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15 things you need to do BEFORE renting an apartment in NYC.

Updated: Mar 7

There are so many things to consider before renting an apartment in NYC that it can feel overwhelming. That’s why we put together this helpful list of 15 things to do before renting an apartment.

A list of the most important things you need to do before renting an apartment in NYC.

1. Make a list of your priorities

As much as it would be nice, you unfortunately can’t have it all. If you simplify it to price, location and quality, a general rule of thumb in NYC is that you get to only pick two. So it’s extremely helpful to sit down and make a list of what your priorities are before you begin the search.

Some things to consider are:

  1. Apartment size

  2. How many bedrooms, how many square feet?

  3. Amenities

  4. Doorman, gym, washer and dryer in unit?

  5. Location

  6. Neighborhood, commute distance, etc.

  7. Proximity - what are the most important things for you to have within a five block radius?

  8. Gym, coffee, grocery, liquor store, subway, laundry, park stop etc.

2. Check to make sure that the listed rent matches the apartment

It can be difficult to find out what the "right" rent is for a given apartment. You can try to browse on sites like Zillow or StreetEasy, but these show listing information and as a result are not always the most accurate reflections of what renters actually pay for rent.

The best way to check would be by using RentPeek. Simply enter your apartment details, and find out what renters are actually paying for apartments like yours.

3. Financial qualifications

One of the most important parts of the apartment search is making sure you qualify for the apartment. Most landlords will require your salary be between 40 and 50 times the monthly rent. So for example if you are looking at an apartment that costs $2,500/mo. you would need to show a salary of at least $100,000 to qualify.

If you do not qualify, you can use a guarantor but the guarantor must be able to show 80 times the monthly rent! For that same $2,500 apartment, the guarantor would need a salary of $200,000.

Another alternative is to rent with roommates. Most landlords will combine the salaries of all roommates and count that towards the 40x requirement. However, some landlords will require 80x for roommates. It’s usually better to assume the worst and be pleasantly surprised rather than to get your heart set on an amazing apartment and find out last minute you don’t qualify.

4. Know your credit score

Landlords typically will look for a credit score of above 700. Having a score below 700 will not prevent you from getting an apartment, but it could make it more difficult. Fortunately, there are free services like Experian Boost that can help raise your credit score quickly.

10 things you need to  know before renting an apartment in NYC

5. Have all of your required documentation ready to go

There is a pretty large list of documents and paperwork you need to have in order to sign a lease. Brokers and agents are inclined to work with tenants who are well prepared and able to move quickly. In order to give yourself the best chance of getting that apartment, you should aim to have the following documents prepared and ready:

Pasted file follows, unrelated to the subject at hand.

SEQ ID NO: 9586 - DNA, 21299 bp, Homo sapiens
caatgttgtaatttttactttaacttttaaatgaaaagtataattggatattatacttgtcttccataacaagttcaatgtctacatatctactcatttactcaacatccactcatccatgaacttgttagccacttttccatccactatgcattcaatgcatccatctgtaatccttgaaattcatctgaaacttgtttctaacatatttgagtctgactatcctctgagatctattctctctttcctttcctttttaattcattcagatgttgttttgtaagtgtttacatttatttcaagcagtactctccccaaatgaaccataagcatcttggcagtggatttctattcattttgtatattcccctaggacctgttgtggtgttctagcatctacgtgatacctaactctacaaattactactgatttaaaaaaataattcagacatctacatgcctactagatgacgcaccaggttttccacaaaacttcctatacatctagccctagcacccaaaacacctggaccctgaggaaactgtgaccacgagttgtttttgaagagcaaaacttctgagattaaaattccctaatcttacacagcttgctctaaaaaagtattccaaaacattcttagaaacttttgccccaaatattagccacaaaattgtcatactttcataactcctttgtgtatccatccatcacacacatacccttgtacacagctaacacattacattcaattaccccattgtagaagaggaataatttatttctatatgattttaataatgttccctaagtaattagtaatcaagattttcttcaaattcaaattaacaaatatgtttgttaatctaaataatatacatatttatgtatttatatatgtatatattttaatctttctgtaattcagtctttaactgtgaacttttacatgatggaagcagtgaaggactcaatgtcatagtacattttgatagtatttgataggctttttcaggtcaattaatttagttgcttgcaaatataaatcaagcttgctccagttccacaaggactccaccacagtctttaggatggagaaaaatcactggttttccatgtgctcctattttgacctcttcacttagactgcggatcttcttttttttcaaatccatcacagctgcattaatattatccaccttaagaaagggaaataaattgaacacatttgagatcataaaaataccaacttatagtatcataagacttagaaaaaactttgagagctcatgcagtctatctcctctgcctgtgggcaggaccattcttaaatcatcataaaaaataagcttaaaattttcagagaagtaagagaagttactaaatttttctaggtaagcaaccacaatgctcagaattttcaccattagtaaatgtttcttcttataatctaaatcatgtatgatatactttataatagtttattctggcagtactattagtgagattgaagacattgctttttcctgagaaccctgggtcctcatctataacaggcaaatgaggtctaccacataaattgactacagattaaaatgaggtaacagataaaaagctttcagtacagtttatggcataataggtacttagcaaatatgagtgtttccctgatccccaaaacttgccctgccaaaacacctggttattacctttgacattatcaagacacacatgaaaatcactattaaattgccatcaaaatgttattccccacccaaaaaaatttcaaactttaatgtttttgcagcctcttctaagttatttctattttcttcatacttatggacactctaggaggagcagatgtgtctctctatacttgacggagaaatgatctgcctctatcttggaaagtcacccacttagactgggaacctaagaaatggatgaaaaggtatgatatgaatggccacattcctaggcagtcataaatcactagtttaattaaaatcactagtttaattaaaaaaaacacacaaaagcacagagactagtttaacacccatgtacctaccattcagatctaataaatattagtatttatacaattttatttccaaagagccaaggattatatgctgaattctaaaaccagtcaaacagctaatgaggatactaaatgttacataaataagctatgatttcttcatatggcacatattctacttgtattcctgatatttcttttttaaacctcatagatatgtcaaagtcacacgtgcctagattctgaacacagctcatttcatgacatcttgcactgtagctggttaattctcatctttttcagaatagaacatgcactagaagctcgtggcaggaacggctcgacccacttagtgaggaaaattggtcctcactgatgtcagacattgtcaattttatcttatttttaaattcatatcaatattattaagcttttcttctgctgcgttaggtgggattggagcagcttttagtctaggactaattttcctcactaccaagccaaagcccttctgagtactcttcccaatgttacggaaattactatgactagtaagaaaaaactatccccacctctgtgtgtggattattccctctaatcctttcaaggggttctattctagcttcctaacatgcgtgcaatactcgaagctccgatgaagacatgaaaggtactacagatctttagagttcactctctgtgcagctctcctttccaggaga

1. Employment verification letter

  2. Paystubs

  3. Bank statements

  4. Federal tax return (W2 or 1099)

  5. Two forms of photo ID

  6. Application fee

  7. Note: as per the Statewide Housing Security and Tenant Protection Act of 2019, apartment application fees cannot exceed $20.

  8. Recommendation letter from previous landlord

  9. Statement of balance of savings accounts

  10. Copy of social security card

We cover each of these in more detail in our post, Documents you need before starting your apartment search.

6. Check out the neighborhood

Each neighborhood in NYC has it’s own distinct feel to it. If you are a recent graduate, you may want to live in an area with more young people and fun bars and restaurants. If you are a family with a 2 year old, you are probably looking for something completely different.

Make sure you stop by the apartment building at different times of the day to get a sense for what the neighborhood vibe is. Is it super noisy on weeknights? Is there a fire department right on the corner where trucks come and go with their sirens on? Is the street well lit at night? These are things you want to find out before you sign that 2 year lease.

One possible way to find out more about the building and the neighborhood is to ask the doorman or building superintendent. They usually will give you a very honest answer.

7. Proximity to public transportation

80% of people who work in NYC commute in from one of the five boroughs, so close access to public transportation is a must-have for most New Yorkers. Check on Google Maps to see how close the nearest subway or bus station is. You should also confirm that the suggested route is the subway/bus route that works best for your commute.

8. Check the building's rules

Make sure you know and understand any rules that the building might have. The most common rule is regarding tenant's pets. Many apartments allow only certain breeds and some apartments ban pets outright. Some apartments may have certain restrictions in place around guest visits. This will vary from building to building, so it's worth checking upfront so you aren't surprised come move in day.